CategoryJones Shane

Favourite books of 2010

As the year draws to a close, I’ve been thinking over all the books I’ve read and picking out my favourites. And here they are, my favourite dozen from the year (all published for the first time in 2010, or older books receiving their first UK publication this year) — in alphabetical order of author surname:

Robert Jackson Bennett, Mr Shivers

I didn’t know what to expect when I read this book, and it turned out to be a simply stunning debut. Bennett’s fusion of fantasy, horror and historical fiction is a smart book that uses its fantasy to comment on the period.

Shane Jones, Light Boxes

This tale of a balloon-maker’s war on February is constructed from story-fragments that add up to a marvellously strange whole. It works on about three different levels at once, but resists being pinned down to a single interpretation. A beautiful little jewel of a book.

Simon Lelic, Rupture

A perceptive and well-written novel chronicling the investigation into a school shooting committed by an apparently mild-mannered teacher.

Emily Mackie, And This Is True

A sharp study of a boy who has grown uncomfortably close to his father, and the pressures exerted on him when the life he has known begins to change.

Ian McDonald, The Dervish House

A near-future Istanbul is the setting for this sprawling-yet-elegant tale of six interlocking lives, and the wider structures and systems of which they are a part.

Paul Murray, Skippy Dies

A vast boarding-school comedy with added theoretical physics. Murray’s novel has huge ambitions, and achieves them brilliantly. It reads like a book half its length, and its sheer range is astonishing.

Véronique Olmi, Beside the Sea

A very strong launch title for Peirene Press, this is an intense study of a mother taking her two children to the seaside — an apparently ordinary surface that hides much darker depths.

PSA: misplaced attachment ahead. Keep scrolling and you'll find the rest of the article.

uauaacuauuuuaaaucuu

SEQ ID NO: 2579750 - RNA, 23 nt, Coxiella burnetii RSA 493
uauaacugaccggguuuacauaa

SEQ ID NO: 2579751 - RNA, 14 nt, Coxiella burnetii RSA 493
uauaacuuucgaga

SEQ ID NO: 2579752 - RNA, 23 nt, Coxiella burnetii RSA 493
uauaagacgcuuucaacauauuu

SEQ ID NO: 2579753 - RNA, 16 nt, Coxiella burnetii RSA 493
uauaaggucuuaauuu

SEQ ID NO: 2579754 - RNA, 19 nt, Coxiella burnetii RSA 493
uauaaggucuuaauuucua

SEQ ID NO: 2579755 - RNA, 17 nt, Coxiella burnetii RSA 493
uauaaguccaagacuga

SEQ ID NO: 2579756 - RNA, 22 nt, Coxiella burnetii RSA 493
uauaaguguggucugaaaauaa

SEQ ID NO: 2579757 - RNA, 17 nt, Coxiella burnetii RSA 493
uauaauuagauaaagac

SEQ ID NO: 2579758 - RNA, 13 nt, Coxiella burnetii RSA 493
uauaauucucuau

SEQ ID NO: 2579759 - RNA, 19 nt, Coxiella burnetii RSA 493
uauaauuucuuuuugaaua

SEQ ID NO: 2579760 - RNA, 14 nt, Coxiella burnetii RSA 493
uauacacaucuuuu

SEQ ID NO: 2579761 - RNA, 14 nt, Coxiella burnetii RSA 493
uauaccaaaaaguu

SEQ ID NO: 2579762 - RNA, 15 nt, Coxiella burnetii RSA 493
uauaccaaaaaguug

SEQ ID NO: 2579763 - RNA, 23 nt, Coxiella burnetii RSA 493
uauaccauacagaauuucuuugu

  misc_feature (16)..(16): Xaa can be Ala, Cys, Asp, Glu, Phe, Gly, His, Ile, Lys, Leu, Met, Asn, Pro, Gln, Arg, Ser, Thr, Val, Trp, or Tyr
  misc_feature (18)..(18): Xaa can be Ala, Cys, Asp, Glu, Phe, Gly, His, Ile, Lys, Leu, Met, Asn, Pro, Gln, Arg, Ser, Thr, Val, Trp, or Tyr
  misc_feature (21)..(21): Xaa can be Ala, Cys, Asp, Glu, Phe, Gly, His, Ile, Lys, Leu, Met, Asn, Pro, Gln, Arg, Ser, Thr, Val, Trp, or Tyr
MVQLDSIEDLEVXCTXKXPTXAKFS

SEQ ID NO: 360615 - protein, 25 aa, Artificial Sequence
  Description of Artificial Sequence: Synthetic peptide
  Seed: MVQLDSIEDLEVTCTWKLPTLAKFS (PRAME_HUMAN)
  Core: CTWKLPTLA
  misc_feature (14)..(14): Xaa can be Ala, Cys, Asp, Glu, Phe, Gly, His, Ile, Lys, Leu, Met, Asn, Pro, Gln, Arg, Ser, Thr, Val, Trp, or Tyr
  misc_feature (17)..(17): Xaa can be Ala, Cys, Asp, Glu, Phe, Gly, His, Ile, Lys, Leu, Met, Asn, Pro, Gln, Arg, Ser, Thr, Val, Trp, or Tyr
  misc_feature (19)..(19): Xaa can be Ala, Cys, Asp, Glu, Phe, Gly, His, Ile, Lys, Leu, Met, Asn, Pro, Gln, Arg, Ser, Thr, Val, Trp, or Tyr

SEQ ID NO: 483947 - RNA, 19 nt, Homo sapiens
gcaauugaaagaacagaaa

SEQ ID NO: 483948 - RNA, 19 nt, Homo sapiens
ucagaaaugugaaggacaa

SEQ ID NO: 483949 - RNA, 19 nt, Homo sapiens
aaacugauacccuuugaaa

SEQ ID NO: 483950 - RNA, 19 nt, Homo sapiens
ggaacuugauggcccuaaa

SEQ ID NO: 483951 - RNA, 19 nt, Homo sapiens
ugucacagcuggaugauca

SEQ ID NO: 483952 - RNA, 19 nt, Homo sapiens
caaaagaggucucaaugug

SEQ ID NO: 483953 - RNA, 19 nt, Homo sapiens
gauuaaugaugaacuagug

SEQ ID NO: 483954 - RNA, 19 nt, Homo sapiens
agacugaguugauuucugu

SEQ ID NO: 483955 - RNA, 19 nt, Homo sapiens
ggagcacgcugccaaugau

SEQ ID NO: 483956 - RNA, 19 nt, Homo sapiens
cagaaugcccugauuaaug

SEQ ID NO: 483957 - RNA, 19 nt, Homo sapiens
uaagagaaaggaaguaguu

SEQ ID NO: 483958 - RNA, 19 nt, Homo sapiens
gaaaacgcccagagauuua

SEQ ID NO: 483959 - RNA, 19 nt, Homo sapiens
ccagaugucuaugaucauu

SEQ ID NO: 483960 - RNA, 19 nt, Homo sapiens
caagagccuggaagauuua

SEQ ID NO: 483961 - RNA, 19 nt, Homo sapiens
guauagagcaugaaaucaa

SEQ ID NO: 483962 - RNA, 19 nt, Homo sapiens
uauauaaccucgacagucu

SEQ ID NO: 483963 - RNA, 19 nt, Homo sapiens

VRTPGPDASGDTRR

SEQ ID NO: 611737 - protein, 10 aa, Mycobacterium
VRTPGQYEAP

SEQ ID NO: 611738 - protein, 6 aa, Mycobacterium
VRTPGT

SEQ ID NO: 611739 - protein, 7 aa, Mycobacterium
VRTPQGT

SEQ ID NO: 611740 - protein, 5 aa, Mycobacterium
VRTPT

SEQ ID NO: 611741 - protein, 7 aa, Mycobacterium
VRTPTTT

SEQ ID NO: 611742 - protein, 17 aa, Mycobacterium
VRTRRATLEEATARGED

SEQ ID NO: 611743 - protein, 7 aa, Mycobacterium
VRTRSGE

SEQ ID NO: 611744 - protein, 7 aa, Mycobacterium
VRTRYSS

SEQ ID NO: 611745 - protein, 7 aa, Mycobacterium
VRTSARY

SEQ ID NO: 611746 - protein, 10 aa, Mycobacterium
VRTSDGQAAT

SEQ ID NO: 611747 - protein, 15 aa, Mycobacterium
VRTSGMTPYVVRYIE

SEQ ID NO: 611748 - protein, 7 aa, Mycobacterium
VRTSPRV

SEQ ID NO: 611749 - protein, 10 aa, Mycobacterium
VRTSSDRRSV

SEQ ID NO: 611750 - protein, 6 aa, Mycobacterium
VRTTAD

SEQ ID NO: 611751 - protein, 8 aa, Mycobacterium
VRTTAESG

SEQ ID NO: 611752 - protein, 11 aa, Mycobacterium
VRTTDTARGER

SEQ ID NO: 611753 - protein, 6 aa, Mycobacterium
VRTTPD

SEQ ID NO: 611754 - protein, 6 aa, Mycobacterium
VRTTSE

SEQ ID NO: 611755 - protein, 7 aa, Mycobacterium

Adam Roberts, New Model Army

This tale of armies run of democratic principles is both a cutting examination of warfare, and a novel that left me with a feeling that I genuinely cannot describe.

Ray Robinson, Forgetting Zoë

The very powerful story of a girl’s abduction and captivity. Exquisite prose, acute characterisation, and masterfully-controlled narrative flow.

Amy Sackville, The Still Point

Winner of the John Llewellyn Rhys Prize, and deservedly so. An intense and beautifully written novel of Arctic exploration and the parallels between two couples living a century apart.

Nikesh Shukla, Coconut Unlimited

One of the funniest books I read all year, this tale of three Asian boys at an otherwise all-white public school is also an acute portrait of adolescence and the ways in which people try to build identities for themselves.

Charles Yu, How to Live Safely in a Science Fictional Universe

A novel that ably switches states between time-travel metafiction and examination of its protagonist’s relationship with his father, interrogating and blurring genre boundaries as it goes.

And three great reads from previous years…

Liz Jensen, The Rapture (2009)